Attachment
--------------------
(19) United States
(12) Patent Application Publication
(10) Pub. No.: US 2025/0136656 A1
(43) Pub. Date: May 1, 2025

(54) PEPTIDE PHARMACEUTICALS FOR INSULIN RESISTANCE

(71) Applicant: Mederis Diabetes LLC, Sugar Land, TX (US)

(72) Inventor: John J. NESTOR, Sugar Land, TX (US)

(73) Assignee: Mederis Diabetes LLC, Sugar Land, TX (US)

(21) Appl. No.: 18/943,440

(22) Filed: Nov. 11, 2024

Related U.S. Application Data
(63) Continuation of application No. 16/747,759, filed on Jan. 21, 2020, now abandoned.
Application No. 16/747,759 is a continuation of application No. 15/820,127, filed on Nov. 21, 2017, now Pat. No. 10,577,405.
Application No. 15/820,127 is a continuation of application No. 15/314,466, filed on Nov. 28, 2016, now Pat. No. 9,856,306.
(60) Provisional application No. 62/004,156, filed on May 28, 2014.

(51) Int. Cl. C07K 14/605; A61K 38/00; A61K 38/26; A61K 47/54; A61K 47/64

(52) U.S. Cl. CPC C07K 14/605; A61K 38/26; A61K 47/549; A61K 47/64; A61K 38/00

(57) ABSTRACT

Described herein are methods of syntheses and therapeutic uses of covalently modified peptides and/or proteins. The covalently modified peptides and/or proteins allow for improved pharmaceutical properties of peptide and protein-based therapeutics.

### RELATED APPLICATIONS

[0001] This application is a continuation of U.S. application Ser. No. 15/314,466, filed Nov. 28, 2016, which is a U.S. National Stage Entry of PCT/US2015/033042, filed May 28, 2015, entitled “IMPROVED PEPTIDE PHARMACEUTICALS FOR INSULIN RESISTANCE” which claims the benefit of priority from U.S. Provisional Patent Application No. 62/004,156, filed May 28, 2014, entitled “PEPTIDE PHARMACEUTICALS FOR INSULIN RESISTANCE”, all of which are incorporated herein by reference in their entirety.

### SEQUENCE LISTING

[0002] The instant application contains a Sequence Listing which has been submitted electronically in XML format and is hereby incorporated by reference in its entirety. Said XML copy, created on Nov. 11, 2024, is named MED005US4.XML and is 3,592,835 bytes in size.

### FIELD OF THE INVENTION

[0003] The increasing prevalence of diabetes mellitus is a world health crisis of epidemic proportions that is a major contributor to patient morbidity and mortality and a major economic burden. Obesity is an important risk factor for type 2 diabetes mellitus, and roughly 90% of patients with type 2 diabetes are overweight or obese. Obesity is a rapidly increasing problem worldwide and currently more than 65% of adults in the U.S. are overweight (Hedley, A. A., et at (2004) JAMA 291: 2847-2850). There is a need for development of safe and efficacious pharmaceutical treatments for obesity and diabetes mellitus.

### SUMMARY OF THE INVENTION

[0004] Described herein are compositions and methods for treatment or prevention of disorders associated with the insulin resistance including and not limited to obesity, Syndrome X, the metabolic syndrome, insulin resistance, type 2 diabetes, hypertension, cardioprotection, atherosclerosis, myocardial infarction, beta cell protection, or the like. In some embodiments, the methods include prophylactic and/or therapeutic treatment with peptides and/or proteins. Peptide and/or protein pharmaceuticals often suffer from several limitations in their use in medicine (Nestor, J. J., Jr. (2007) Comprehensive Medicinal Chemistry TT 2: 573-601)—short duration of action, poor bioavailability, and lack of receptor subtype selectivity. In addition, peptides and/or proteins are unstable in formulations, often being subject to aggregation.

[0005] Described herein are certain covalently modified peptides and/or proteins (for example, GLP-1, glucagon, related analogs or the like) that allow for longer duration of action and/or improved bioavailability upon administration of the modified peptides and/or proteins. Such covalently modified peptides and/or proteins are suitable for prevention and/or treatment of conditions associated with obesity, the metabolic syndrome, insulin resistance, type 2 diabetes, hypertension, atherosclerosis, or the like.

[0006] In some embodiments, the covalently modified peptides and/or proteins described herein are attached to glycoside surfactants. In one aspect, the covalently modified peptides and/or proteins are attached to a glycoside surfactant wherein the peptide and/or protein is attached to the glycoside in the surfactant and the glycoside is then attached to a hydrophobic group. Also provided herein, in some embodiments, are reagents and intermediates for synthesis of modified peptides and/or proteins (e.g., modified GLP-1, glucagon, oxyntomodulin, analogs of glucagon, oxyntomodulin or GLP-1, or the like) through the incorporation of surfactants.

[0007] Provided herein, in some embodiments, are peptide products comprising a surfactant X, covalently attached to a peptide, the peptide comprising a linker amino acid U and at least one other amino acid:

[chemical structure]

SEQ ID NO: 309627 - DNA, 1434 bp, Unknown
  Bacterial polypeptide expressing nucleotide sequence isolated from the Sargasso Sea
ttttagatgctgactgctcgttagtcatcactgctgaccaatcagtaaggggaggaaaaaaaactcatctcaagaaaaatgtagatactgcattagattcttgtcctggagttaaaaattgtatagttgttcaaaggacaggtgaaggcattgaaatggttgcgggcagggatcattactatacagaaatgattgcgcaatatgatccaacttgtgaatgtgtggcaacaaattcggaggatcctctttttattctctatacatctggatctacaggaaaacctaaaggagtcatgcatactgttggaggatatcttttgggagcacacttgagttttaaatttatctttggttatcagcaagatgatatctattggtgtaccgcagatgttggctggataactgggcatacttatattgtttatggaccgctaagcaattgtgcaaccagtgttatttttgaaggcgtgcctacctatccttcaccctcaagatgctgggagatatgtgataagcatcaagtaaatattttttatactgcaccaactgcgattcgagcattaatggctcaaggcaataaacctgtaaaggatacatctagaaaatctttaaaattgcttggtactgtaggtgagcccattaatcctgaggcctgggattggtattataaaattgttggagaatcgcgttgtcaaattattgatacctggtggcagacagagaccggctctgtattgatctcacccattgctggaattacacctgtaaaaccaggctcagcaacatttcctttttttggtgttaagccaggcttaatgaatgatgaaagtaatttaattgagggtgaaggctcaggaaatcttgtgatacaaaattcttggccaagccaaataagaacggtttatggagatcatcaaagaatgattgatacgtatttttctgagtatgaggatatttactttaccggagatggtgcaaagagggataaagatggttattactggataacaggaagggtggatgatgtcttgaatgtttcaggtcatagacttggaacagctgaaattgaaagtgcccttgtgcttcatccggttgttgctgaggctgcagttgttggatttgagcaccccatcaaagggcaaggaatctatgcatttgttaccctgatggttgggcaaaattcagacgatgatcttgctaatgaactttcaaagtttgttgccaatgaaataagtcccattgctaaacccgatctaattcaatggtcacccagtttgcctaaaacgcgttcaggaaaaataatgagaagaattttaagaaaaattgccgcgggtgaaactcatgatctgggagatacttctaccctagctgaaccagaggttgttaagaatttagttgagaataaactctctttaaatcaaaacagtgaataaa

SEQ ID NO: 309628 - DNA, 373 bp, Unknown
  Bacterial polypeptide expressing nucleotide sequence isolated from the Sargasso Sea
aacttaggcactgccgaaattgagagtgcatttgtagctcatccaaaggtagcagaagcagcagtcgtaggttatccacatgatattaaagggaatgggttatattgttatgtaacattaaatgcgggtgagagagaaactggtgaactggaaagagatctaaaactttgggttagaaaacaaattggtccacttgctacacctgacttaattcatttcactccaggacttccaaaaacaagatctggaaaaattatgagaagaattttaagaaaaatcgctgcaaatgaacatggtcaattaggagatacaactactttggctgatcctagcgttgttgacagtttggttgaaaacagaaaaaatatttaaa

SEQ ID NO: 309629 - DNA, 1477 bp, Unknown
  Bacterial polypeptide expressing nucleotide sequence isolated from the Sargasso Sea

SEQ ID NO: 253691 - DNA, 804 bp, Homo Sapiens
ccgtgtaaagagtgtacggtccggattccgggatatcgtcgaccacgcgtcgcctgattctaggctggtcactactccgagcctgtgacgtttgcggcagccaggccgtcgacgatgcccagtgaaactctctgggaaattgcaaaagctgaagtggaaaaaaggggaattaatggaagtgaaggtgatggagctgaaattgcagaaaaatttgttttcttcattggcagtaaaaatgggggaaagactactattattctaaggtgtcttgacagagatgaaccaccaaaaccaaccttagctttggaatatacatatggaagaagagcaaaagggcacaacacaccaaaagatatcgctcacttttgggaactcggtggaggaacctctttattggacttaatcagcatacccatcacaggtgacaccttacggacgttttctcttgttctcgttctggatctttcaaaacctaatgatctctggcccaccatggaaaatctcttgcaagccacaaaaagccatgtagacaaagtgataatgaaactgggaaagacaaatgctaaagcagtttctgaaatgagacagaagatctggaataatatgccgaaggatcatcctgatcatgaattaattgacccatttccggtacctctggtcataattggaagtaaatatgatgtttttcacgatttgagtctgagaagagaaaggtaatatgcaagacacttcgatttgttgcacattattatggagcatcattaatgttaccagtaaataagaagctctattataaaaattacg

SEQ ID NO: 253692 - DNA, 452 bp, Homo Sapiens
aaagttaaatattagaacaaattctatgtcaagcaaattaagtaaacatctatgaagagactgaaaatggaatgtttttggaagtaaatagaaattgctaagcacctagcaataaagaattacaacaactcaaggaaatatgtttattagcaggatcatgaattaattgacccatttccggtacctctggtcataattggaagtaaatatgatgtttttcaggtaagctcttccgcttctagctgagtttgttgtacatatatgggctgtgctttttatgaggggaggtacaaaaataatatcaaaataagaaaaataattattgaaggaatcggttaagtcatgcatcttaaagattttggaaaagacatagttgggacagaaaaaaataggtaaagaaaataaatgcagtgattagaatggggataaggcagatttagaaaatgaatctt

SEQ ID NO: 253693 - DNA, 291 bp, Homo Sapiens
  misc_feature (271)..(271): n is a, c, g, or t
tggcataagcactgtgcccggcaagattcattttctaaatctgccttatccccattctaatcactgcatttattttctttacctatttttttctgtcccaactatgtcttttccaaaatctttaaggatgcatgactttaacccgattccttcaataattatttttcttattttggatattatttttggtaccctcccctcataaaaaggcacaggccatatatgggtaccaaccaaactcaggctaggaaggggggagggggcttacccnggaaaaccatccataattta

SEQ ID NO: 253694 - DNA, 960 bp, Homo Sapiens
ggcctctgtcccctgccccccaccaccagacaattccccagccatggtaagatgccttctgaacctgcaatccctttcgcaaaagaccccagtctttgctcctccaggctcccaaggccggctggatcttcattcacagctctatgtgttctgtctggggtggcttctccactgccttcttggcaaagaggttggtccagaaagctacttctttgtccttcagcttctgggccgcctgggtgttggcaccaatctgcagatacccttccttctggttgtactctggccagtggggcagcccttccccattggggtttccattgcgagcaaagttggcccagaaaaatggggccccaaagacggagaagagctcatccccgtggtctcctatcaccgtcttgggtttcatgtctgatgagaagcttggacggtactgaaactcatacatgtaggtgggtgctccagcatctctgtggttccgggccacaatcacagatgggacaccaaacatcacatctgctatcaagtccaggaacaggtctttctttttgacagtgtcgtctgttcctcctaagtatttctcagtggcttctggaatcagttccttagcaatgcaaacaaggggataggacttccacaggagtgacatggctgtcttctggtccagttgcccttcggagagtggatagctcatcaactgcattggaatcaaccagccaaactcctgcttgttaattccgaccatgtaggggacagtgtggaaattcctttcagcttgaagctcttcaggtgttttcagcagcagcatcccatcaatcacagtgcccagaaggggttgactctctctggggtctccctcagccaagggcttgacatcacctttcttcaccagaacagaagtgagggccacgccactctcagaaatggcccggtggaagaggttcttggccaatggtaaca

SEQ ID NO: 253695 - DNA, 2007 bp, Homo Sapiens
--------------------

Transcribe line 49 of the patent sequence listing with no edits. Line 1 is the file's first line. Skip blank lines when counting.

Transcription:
SEQ ID NO: 253695 - DNA, 2007 bp, Homo Sapiens